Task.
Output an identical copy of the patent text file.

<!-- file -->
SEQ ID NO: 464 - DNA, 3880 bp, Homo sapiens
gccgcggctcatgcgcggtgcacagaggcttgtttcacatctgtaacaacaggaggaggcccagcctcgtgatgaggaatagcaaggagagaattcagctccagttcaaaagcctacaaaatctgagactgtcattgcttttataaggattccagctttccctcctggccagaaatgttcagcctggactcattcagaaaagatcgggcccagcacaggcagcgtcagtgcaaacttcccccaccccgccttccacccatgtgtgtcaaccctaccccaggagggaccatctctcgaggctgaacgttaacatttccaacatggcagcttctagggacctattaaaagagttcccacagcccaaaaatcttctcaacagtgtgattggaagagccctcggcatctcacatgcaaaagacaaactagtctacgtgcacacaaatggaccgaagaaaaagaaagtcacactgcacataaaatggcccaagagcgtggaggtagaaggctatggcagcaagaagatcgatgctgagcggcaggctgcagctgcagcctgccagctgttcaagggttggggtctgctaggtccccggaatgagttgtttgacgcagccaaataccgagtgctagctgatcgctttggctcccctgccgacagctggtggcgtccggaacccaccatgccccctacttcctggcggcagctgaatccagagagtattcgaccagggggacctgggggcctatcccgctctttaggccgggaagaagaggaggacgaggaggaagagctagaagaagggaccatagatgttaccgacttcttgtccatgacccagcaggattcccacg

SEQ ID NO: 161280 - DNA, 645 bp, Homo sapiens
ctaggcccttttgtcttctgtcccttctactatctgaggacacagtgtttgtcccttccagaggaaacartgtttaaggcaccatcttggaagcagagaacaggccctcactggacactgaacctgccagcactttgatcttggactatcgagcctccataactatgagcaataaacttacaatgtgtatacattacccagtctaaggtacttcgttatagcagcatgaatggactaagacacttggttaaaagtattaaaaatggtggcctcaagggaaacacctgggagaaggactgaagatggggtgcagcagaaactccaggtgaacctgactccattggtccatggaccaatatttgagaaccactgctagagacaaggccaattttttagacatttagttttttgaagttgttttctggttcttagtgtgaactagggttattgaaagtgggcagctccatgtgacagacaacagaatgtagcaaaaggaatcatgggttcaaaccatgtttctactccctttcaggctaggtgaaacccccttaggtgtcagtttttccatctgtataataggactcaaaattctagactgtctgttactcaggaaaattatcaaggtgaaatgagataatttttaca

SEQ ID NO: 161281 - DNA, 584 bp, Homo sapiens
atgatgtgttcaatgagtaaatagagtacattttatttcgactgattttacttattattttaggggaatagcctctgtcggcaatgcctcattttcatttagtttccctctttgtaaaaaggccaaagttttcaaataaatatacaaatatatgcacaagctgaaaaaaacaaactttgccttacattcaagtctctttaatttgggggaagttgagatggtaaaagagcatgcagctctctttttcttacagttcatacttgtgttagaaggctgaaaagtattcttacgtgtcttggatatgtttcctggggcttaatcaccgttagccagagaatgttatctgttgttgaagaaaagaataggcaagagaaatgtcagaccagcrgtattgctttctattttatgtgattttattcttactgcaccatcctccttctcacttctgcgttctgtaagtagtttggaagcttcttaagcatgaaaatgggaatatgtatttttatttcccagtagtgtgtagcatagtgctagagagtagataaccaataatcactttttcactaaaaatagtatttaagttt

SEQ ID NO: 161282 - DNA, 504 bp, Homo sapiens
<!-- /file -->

SEQ ID NO: 464 - DNA, 3880 bp, Homo sapiens
gccgcggctcatgcgcggtgcacagaggcttgtttcacatctgtaacaacaggaggaggcccagcctcgtgatgaggaatagcaaggagagaattcagctccagttcaaaagcctacaaaatctgagactgtcattgcttttataaggattccagctttccctcctggccagaaatgttcagcctggactcattcagaaaagatcgggcccagcacaggcagcgtcagtgcaaacttcccccaccccgccttccacccatgtgtgtcaaccctaccccaggagggaccatctctcgaggctgaacgttaacatttccaacatggcagcttctagggacctattaaaagagttcccacagcccaaaaatcttctcaacagtgtgattggaagagccctcggcatctcacatgcaaaagacaaactagtctacgtgcacacaaatggaccgaagaaaaagaaagtcacactgcacataaaatggcccaagagcgtggaggtagaaggctatggcagcaagaagatcgatgctgagcggcaggctgcagctgcagcctgccagctgttcaagggttggggtctgctaggtccccggaatgagttgtttgacgcagccaaataccgagtgctagctgatcgctttggctcccctgccgacagctggtggcgtccggaacccaccatgccccctacttcctggcggcagctgaatccagagagtattcgaccagggggacctgggggcctatcccgctctttaggccgggaagaagaggaggacgaggaggaagagctagaagaagggaccatagatgttaccgacttcttgtccatgacccagcaggattcccacg

SEQ ID NO: 161280 - DNA, 645 bp, Homo sapiens
ctaggcccttttgtcttctgtcccttctactatctgaggacacagtgtttgtcccttccagaggaaacartgtttaaggcaccatcttggaagcagagaacaggccctcactggacactgaacctgccagcactttgatcttggactatcgagcctccataactatgagcaataaacttacaatgtgtatacattacccagtctaaggtacttcgttatagcagcatgaatggactaagacacttggttaaaagtattaaaaatggtggcctcaagggaaacacctgggagaaggactgaagatggggtgcagcagaaactccaggtgaacctgactccattggtccatggaccaatatttgagaaccactgctagagacaaggccaattttttagacatttagttttttgaagttgttttctggttcttagtgtgaactagggttattgaaagtgggcagctccatgtgacagacaacagaatgtagcaaaaggaatcatgggttcaaaccatgtttctactccctttcaggctaggtgaaacccccttaggtgtcagtttttccatctgtataataggactcaaaattctagactgtctgttactcaggaaaattatcaaggtgaaatgagataatttttaca

SEQ ID NO: 161281 - DNA, 584 bp, Homo sapiens
atgatgtgttcaatgagtaaatagagtacattttatttcgactgattttacttattattttaggggaatagcctctgtcggcaatgcctcattttcatttagtttccctctttgtaaaaaggccaaagttttcaaataaatatacaaatatatgcacaagctgaaaaaaacaaactttgccttacattcaagtctctttaatttgggggaagttgagatggtaaaagagcatgcagctctctttttcttacagttcatacttgtgttagaaggctgaaaagtattcttacgtgtcttggatatgtttcctggggcttaatcaccgttagccagagaatgttatctgttgttgaagaaaagaataggcaagagaaatgtcagaccagcrgtattgctttctattttatgtgattttattcttactgcaccatcctccttctcacttctgcgttctgtaagtagtttggaagcttcttaagcatgaaaatgggaatatgtatttttatttcccagtagtgtgtagcatagtgctagagagtagataaccaataatcactttttcactaaaaatagtatttaagttt

SEQ ID NO: 161282 - DNA, 504 bp, Homo sapiens